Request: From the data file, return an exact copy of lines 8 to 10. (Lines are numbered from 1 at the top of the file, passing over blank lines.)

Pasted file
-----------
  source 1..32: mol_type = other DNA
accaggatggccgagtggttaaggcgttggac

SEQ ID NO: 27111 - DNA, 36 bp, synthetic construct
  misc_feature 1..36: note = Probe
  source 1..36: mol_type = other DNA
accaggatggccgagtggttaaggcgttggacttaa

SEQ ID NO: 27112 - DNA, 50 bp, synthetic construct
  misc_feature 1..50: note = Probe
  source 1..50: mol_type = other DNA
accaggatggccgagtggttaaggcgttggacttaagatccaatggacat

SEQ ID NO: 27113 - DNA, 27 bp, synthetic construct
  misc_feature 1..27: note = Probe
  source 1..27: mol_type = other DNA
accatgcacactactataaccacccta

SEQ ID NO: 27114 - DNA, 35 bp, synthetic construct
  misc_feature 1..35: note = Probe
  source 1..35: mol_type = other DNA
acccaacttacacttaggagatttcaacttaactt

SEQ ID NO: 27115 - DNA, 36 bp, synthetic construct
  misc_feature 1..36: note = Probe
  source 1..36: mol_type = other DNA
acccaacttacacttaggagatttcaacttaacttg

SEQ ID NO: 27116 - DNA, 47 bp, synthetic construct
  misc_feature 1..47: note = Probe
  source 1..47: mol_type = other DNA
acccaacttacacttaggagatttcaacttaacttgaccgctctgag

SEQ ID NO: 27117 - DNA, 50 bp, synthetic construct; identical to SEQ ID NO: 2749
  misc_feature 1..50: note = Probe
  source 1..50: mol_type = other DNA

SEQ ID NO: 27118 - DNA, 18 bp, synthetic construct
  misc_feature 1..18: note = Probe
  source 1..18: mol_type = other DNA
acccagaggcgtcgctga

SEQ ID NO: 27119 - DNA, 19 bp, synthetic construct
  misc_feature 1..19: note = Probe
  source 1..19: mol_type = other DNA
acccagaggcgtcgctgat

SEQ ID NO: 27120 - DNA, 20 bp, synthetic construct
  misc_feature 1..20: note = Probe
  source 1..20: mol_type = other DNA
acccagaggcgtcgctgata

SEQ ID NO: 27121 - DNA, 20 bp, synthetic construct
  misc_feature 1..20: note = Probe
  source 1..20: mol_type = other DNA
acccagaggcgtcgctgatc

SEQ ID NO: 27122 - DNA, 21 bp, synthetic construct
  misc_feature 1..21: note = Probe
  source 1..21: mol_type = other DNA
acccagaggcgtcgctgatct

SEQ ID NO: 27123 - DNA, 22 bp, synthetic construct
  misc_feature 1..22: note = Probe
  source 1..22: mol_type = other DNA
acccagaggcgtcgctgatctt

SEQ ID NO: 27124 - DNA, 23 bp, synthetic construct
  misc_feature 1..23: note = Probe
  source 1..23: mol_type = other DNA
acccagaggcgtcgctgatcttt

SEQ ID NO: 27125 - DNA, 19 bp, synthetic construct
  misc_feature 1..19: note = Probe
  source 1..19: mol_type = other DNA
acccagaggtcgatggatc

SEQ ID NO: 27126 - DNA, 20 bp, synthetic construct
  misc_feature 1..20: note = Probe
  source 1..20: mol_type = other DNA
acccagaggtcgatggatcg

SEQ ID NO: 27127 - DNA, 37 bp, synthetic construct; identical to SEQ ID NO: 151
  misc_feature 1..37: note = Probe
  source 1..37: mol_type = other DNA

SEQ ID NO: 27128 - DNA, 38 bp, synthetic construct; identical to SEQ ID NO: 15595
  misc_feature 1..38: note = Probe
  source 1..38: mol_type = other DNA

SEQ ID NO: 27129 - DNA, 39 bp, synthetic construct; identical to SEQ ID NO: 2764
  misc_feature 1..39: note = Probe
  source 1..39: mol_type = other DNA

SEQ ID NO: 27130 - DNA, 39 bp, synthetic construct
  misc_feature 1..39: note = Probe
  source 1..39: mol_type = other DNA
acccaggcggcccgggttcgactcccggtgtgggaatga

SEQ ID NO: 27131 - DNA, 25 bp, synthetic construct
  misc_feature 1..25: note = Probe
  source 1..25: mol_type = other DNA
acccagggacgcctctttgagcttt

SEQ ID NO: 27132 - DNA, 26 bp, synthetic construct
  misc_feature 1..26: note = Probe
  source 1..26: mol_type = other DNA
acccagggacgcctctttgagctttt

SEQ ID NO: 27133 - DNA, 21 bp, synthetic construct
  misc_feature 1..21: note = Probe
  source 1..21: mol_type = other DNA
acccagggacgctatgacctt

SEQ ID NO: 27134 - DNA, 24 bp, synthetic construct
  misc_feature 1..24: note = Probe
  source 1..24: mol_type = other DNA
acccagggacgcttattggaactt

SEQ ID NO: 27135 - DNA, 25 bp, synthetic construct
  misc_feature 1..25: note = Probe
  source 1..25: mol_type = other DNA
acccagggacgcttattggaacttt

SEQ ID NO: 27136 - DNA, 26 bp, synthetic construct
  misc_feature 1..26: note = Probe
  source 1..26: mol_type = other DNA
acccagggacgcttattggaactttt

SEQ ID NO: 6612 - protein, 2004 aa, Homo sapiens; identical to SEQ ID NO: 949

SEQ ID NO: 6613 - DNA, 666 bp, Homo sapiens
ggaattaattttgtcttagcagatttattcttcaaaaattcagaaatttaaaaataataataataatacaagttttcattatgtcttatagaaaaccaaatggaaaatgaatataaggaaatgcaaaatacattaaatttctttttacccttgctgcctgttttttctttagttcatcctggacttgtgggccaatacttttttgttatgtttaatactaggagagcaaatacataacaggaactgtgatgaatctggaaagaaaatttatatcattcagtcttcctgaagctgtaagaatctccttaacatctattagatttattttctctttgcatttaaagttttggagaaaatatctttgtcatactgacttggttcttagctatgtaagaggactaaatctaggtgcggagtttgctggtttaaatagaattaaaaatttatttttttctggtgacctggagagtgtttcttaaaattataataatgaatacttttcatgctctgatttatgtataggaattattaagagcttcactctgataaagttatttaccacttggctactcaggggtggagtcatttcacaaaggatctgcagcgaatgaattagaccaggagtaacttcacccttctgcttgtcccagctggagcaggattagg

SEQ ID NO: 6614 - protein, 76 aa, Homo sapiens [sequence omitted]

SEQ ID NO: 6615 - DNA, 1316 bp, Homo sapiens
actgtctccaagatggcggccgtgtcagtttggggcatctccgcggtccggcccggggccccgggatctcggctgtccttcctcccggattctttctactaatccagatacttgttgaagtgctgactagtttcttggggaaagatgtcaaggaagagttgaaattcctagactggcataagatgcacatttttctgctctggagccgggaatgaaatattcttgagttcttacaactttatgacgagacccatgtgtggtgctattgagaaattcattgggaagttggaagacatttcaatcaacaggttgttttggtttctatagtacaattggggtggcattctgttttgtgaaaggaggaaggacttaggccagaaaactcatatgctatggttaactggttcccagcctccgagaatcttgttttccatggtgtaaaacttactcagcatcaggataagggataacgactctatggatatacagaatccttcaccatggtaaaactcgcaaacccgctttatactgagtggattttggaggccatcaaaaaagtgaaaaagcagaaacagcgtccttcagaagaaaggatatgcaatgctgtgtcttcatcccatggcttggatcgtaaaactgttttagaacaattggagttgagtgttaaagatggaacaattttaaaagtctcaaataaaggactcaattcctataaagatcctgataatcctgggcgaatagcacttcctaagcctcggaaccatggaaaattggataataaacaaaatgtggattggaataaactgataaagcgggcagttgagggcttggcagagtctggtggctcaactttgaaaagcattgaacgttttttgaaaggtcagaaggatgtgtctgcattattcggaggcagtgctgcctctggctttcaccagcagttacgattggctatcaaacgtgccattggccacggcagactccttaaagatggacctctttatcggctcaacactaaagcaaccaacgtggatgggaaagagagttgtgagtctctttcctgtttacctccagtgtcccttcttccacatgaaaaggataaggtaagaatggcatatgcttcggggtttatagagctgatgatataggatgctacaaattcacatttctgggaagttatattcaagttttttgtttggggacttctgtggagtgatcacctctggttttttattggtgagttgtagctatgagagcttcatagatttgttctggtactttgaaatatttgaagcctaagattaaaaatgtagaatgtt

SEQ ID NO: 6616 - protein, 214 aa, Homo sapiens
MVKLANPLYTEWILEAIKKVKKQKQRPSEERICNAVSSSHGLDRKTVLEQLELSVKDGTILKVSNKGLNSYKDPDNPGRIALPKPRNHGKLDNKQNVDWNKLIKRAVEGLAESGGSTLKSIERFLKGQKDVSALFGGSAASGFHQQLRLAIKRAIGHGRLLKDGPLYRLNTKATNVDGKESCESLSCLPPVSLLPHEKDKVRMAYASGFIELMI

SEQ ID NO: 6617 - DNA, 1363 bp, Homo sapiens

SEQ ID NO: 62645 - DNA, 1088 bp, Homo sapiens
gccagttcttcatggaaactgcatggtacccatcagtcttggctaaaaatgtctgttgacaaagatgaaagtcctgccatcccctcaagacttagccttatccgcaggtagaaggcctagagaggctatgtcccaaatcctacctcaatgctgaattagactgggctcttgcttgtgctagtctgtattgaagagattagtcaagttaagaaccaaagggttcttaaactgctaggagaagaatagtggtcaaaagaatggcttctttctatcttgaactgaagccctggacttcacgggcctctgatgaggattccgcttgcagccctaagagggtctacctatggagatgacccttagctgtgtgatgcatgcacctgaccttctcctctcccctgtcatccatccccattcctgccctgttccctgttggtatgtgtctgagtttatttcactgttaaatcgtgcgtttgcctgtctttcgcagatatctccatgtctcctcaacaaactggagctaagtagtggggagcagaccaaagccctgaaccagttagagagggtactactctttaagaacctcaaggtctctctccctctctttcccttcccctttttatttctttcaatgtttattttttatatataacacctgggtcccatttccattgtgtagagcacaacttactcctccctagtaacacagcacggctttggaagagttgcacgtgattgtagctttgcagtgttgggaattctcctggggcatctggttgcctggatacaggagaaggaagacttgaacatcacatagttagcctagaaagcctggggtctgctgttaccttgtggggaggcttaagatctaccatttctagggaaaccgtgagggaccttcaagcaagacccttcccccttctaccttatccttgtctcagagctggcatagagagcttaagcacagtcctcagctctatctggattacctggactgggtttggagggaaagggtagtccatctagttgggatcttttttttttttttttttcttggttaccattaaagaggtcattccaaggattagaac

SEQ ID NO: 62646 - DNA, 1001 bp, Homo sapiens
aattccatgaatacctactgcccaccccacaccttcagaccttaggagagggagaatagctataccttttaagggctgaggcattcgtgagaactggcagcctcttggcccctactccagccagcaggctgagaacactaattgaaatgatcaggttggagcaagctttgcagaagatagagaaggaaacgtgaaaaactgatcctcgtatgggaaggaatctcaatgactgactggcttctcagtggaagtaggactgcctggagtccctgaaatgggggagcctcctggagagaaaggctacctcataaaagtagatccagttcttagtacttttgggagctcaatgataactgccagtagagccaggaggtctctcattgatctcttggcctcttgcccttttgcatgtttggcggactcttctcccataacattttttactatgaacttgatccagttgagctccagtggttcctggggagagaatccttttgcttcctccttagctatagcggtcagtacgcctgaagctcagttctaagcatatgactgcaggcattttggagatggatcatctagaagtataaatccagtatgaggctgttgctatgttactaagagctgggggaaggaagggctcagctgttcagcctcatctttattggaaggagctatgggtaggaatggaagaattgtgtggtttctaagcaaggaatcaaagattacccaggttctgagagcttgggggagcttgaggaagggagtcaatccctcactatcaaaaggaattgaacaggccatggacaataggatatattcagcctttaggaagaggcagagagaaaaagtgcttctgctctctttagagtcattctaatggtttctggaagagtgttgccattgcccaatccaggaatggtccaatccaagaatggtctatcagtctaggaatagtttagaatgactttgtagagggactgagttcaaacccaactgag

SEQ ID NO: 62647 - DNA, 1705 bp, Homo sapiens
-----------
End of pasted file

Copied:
  misc_feature 1..50: note = Probe
  source 1..50: mol_type = other DNA
accaggatggccgagtggttaaggcgttggacttaagatccaatggacat